The Newberry - Chicago's Independent Research Library Since 1887
  • Thursday, September 29

    From Hamlet to Macbeth, Shakespeare’s use of equivocation speaks volumes. In Hamlet, the word carries the neutral meaning of ambiguous; in Macbeth, it becomes more sinister, suggesting deceit and foul play. In a free lecture Thursday, September 29, James Shapiro will trace the strange history of this resonant word.

  • On Display Now
    September 23 - December 31

    Open September 23 - December 31, Creating Shakespeare is an exhibition exploring the Bard’s creative process as well as the creativity of the countless writers, printers, actors, musicians, and artists who have re-contextualized, re-imagined, and re-invented his work over the past 400 years.

  • With Hamilton now on stage in Chicago, theater-goers can continue exploring the life of the “ten-dollar founding father without a father” right here at the Newberry. The Newberry’s collection contains early American materials illuminating both the political debates and personal feuds that entangled Alexander Hamilton and his contemporaries.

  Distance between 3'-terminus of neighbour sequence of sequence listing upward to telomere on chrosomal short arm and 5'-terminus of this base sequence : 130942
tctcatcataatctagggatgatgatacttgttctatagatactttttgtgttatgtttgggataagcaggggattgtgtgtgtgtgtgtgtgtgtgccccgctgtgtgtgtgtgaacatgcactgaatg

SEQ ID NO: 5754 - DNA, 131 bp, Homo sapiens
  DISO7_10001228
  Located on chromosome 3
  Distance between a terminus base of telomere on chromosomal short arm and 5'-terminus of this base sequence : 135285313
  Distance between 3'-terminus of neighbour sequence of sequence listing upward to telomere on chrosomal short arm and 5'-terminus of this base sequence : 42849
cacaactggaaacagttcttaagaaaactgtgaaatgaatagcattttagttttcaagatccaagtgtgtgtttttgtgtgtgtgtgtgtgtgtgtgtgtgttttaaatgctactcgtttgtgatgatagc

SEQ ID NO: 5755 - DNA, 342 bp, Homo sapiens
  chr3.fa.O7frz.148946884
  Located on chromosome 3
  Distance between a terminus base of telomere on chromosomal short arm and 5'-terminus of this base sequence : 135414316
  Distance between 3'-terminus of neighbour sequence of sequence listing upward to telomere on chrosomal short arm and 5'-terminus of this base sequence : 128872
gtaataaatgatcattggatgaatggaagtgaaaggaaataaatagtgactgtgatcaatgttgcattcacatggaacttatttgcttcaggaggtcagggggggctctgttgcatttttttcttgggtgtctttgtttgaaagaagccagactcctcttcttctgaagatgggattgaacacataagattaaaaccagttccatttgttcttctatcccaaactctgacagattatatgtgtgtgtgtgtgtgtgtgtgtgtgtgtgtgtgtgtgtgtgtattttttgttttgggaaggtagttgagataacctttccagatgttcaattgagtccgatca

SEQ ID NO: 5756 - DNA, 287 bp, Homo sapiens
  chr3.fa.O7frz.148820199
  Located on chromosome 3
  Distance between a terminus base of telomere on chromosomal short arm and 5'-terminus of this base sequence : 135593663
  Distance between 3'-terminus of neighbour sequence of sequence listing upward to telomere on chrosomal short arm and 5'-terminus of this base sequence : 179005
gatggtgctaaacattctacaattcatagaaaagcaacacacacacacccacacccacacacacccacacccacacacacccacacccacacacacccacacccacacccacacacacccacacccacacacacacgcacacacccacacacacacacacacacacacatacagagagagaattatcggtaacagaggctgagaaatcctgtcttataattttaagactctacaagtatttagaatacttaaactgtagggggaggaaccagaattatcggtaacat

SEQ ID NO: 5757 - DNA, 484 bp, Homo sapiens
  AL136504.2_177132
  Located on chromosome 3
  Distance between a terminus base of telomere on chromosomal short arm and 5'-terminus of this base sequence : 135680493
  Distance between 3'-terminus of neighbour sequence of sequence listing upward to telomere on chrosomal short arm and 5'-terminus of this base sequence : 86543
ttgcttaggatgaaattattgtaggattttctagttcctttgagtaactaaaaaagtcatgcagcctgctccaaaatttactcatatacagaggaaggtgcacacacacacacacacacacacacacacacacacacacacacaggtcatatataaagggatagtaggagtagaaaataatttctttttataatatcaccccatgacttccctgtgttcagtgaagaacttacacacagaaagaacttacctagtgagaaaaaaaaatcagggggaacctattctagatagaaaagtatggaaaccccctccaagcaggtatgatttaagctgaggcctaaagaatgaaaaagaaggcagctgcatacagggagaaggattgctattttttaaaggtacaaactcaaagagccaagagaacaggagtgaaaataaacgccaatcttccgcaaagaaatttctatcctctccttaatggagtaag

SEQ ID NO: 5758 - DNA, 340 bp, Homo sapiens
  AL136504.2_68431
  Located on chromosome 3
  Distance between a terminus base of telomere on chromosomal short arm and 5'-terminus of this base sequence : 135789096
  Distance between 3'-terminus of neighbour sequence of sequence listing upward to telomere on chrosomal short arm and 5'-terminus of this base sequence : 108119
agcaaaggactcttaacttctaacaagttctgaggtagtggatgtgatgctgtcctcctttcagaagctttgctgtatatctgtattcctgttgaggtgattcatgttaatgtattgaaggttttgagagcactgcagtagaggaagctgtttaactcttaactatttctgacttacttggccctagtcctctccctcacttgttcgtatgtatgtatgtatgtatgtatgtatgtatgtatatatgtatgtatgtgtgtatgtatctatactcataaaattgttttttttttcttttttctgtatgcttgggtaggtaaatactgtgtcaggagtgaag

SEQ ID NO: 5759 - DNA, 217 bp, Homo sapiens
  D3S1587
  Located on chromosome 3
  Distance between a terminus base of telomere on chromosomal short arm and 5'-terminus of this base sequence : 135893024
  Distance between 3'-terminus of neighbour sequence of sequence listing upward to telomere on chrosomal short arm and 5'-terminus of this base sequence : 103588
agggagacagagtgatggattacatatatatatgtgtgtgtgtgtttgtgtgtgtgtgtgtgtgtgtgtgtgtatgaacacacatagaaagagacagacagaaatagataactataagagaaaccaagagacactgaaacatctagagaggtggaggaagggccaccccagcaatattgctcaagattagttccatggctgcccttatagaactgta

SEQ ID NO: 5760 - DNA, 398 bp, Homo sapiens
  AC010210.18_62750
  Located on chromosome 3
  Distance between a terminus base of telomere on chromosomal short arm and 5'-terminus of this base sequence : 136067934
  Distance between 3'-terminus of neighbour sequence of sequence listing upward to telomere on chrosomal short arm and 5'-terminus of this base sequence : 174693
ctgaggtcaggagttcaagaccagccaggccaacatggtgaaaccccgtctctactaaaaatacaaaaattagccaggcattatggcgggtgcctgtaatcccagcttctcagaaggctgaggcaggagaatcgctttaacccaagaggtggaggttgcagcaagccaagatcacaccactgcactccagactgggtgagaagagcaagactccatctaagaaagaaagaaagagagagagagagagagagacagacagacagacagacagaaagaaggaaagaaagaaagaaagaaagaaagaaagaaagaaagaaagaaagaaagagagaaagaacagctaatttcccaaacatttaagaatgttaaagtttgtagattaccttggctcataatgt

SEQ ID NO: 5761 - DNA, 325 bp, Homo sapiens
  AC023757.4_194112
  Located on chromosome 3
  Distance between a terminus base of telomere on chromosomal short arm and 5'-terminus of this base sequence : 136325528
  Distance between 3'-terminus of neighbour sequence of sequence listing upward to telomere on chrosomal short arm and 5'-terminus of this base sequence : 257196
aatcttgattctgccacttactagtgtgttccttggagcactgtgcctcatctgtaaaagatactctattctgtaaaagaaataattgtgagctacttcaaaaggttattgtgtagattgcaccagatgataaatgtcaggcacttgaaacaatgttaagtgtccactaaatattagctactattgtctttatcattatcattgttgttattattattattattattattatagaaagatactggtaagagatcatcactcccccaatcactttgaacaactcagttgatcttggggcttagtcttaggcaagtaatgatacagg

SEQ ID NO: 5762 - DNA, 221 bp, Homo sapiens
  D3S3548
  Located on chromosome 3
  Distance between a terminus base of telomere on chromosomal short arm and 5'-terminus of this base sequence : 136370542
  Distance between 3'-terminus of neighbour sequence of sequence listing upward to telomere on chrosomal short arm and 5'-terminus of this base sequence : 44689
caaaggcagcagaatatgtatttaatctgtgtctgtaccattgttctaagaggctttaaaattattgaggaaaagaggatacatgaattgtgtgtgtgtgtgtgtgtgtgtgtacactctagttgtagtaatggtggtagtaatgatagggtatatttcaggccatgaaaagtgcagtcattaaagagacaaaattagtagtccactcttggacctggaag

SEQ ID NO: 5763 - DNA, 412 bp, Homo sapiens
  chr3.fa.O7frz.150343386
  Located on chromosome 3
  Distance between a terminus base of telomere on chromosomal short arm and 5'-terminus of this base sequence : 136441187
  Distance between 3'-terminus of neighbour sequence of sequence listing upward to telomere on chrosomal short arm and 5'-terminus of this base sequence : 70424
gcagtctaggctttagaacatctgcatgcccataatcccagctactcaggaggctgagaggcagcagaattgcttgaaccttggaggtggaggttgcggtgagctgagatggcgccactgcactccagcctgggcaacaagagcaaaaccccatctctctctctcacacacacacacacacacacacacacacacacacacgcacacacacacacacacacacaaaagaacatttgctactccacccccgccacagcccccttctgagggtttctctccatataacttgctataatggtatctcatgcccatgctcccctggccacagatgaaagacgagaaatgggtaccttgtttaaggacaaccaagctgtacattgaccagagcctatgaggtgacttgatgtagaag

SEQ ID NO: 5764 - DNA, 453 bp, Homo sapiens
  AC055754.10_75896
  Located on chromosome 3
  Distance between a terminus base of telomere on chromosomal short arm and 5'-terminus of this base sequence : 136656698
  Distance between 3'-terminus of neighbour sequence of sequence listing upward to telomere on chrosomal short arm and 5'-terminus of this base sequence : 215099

• Dear Walter

    “In this year of Hamilton-induced mania, what Productions might we thrill to had once-Vice President Hannibal Hamlin—casualty of history, plaything of Destiny—ascended to the highest American Office? Might the theater-crazed Public clamor not for Hamilton but for Hamlin?” So writes “Walter L. Newberry” in his latest “Dear Walter” column.